This is nobody's evil intent here, it is inherent in the system. So... what do we do about it?  The only way to fix this is to change the system, and thus change the incentives and what they lead reasonable people within the system toward doing.

One way would be to remove the profit motive entirely (not from the health care providers, but from those that pay, the insurers).  "Single Payer" is often mistaken for socialized medicine, but it is not; it is eliminating for-profit health insurance, while maintaining a for-profit health care industry.  Replacing them both with government programs would be a "takeover" by the government, and nobody I know is seriously suggesting this.  Single payer is not on the table now, unfortunately, though it should have been... had it been explained properly, I think people would have supported it.

Think of it this way:  I think the proper job of the government is to do those things which we cannot reasonably do for ourselves, but must do collectively (I think it was Thomas Jefferson that said that originally).  National defense, protecting the environment, international treaties, things like that.  If we agree that most people cannot pay for their own health care when things get really bad, then this seems like such a thing.  We all pool some of our tax money, and when one of us gets seriously sick then this person draws on the fund.  It is, of course, what insurance is based upon... but a public fund would not be permitted to make a profit.  In fact, the accountability here would require managers to keep down costs while maximizing access to and the quality of care, or be replaced.  Pretty much the opposite of what we have now.

The other way, we are told, is to let market forces pressure the for-profit health insurers to lower rates and improve coverage.  Unfortunately this requires competition, and given that health insurance companies are exempted from anti-trust laws (believe it or not... they, and major league baseball are the only ones), then they can collude with each other so as not to compete.  They carve up the country into non-competitve business zones, and then charge whatever they want.  Of course they do, because they can, and this makes them more money (which is, again, what they are supposed to do)...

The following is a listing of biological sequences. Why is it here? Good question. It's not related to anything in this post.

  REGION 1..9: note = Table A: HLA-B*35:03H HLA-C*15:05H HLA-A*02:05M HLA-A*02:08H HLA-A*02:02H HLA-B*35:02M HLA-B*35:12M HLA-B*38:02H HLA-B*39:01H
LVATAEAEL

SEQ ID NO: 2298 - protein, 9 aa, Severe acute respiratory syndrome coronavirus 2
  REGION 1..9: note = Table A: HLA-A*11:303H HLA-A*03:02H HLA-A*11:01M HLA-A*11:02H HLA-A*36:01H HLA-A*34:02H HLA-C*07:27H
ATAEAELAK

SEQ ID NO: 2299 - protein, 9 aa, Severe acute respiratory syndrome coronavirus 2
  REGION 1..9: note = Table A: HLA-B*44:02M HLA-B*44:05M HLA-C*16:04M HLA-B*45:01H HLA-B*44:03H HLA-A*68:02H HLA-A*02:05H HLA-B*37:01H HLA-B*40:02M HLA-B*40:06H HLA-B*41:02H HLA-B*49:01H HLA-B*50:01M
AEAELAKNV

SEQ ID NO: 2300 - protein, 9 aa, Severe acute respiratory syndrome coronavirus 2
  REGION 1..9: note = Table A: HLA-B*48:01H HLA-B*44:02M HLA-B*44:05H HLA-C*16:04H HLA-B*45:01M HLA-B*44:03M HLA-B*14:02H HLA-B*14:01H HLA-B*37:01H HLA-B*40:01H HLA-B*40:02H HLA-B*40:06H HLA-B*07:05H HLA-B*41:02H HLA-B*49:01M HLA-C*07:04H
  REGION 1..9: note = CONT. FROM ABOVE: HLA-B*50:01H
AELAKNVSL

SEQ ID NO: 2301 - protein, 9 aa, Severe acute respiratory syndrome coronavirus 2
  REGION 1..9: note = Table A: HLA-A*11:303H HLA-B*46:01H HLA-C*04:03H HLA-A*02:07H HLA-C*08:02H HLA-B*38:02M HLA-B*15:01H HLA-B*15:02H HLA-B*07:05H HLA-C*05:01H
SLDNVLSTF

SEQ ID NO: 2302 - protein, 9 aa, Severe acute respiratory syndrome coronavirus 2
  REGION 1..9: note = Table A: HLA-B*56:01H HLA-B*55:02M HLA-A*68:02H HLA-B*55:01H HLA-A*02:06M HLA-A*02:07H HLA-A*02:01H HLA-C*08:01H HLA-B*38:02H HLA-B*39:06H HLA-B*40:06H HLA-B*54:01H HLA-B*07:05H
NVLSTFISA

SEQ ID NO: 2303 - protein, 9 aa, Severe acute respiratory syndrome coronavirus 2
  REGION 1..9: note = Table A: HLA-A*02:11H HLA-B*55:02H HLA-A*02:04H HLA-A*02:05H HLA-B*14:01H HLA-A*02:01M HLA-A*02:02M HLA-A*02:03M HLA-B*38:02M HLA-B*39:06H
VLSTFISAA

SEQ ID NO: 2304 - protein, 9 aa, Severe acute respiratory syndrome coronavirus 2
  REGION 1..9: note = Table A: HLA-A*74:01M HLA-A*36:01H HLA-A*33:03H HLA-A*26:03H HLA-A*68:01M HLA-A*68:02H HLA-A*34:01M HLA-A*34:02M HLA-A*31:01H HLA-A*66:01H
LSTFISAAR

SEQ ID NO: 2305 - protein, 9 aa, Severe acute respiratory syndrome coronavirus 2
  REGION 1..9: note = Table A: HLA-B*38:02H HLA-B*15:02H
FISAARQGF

The proposed "public option" in health care reform is really just a way to re-insert competition into the system by giving people a government-run option to turn to if the for-profit industry refuses to act competitvely... but that looks to be circling the drain.  Thank the astro-turfing teabaggers for that one.  Of course, they were funded by the for-profit insurance industry, no suprise.

I am personally in favor of single payer, because I think health care is like clean water, something that we all need and that should not be a privilege.  That said, I think the conversation should be about how the system incentivizes the people who run it, and how we can create incentives that lead to the health care system we want.

What we have now will not do it.  We've invited a wild animal into our homes and are expecting it to act like a tame one.  This is fundamentaly foolish.  We must either increase the competition in the health care insurance business, in such a way that lowering our rates and improving the coverage makes them more money, or we need to eliminate the profit motive entirely.

What is being proposed now is "regulation".  It is probably the worst way to go; the only thing worse would be to do nothing at all.  Regulation depends on the wisdom of regulators to make rules that will force these for-profit corporations to forego profits... like trying to tame that wild deer by rapping its nose when it flashes its hooves.  This will be a constant struggle and will fail at times.  Given the inherent corruptability of regulators and the enormous sums of money involved in a large country, I don't see this as realistic... but again, better than nothing.

What I hope is that this is a step along the way toward real reform, but we'll see.